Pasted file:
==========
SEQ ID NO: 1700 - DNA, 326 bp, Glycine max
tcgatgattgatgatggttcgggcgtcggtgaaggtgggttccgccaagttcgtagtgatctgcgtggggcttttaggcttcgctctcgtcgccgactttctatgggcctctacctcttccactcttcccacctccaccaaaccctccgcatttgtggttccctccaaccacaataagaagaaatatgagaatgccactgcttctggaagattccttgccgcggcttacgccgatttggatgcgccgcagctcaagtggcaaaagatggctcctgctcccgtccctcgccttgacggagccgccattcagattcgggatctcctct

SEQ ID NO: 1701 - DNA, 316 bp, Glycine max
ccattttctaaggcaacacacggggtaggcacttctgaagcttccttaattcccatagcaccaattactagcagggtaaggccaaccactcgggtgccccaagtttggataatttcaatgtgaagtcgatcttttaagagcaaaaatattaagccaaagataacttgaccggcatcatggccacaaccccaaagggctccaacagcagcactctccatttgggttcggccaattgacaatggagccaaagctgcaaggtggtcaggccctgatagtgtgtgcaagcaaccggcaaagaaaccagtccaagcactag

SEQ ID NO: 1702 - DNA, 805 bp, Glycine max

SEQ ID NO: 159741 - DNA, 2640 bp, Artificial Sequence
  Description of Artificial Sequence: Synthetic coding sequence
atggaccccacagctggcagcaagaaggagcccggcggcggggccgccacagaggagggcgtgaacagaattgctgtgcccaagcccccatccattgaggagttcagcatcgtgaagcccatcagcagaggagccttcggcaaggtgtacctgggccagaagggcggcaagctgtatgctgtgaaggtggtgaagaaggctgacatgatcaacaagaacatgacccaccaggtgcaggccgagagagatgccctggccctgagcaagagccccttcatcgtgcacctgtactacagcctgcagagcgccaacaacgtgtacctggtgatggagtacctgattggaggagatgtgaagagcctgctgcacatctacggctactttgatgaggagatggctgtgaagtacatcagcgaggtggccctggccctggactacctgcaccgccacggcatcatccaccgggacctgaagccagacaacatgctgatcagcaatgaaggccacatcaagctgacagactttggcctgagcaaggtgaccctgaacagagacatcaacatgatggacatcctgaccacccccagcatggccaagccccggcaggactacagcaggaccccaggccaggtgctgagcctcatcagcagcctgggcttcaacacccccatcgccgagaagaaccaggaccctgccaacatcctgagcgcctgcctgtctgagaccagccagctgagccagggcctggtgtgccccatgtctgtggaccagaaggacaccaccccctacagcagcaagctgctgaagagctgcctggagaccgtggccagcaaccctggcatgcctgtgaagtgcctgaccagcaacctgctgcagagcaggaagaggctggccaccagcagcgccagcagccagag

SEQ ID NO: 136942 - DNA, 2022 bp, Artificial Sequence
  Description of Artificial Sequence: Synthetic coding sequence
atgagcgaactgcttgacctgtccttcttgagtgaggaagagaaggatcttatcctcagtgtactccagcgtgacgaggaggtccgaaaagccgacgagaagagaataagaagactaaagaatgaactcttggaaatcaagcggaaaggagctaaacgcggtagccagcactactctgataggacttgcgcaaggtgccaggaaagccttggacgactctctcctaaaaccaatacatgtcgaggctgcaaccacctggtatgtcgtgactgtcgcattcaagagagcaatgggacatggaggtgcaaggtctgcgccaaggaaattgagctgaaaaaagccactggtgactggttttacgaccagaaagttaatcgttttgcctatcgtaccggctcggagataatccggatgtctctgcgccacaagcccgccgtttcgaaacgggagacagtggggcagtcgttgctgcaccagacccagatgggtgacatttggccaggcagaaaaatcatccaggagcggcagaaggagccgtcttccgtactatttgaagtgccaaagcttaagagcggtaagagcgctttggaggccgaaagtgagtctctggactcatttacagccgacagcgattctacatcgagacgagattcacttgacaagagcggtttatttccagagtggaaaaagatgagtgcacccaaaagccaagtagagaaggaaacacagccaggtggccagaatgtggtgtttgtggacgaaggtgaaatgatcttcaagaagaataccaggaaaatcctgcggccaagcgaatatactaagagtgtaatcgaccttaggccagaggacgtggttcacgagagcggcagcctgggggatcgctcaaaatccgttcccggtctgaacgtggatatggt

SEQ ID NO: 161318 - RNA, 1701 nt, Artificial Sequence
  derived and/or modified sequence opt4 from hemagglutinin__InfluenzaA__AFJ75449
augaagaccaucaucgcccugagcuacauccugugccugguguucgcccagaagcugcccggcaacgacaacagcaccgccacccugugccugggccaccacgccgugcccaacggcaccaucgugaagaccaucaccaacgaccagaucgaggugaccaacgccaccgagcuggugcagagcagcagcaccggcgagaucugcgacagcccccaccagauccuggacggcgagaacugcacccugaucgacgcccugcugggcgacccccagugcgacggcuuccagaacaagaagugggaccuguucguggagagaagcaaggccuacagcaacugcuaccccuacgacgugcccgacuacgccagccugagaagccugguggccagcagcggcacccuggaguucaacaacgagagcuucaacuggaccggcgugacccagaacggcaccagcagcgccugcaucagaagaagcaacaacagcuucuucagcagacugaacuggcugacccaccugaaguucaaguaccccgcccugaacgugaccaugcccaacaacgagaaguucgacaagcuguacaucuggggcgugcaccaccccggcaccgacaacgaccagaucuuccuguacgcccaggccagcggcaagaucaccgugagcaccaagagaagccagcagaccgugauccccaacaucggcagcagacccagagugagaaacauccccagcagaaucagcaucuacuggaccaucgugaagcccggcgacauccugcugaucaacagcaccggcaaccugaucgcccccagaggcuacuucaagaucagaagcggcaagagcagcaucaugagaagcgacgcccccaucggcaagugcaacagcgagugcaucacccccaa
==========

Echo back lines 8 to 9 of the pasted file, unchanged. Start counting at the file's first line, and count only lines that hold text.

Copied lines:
atggaccccacagctggcagcaagaaggagcccggcggcggggccgccacagaggagggcgtgaacagaattgctgtgcccaagcccccatccattgaggagttcagcatcgtgaagcccatcagcagaggagccttcggcaaggtgtacctgggccagaagggcggcaagctgtatgctgtgaaggtggtgaagaaggctgacatgatcaacaagaacatgacccaccaggtgcaggccgagagagatgccctggccctgagcaagagccccttcatcgtgcacctgtactacagcctgcagagcgccaacaacgtgtacctggtgatggagtacctgattggaggagatgtgaagagcctgctgcacatctacggctactttgatgaggagatggctgtgaagtacatcagcgaggtggccctggccctggactacctgcaccgccacggcatcatccaccgggacctgaagccagacaacatgctgatcagcaatgaaggccacatcaagctgacagactttggcctgagcaaggtgaccctgaacagagacatcaacatgatggacatcctgaccacccccagcatggccaagccccggcaggactacagcaggaccccaggccaggtgctgagcctcatcagcagcctgggcttcaacacccccatcgccgagaagaaccaggaccctgccaacatcctgagcgcctgcctgtctgagaccagccagctgagccagggcctggtgtgccccatgtctgtggaccagaaggacaccaccccctacagcagcaagctgctgaagagctgcctggagaccgtggccagcaaccctggcatgcctgtgaagtgcctgaccagcaacctgctgcagagcaggaagaggctggccaccagcagcgccagcagccagag

SEQ ID NO: 136942 - DNA, 2022 bp, Artificial Sequence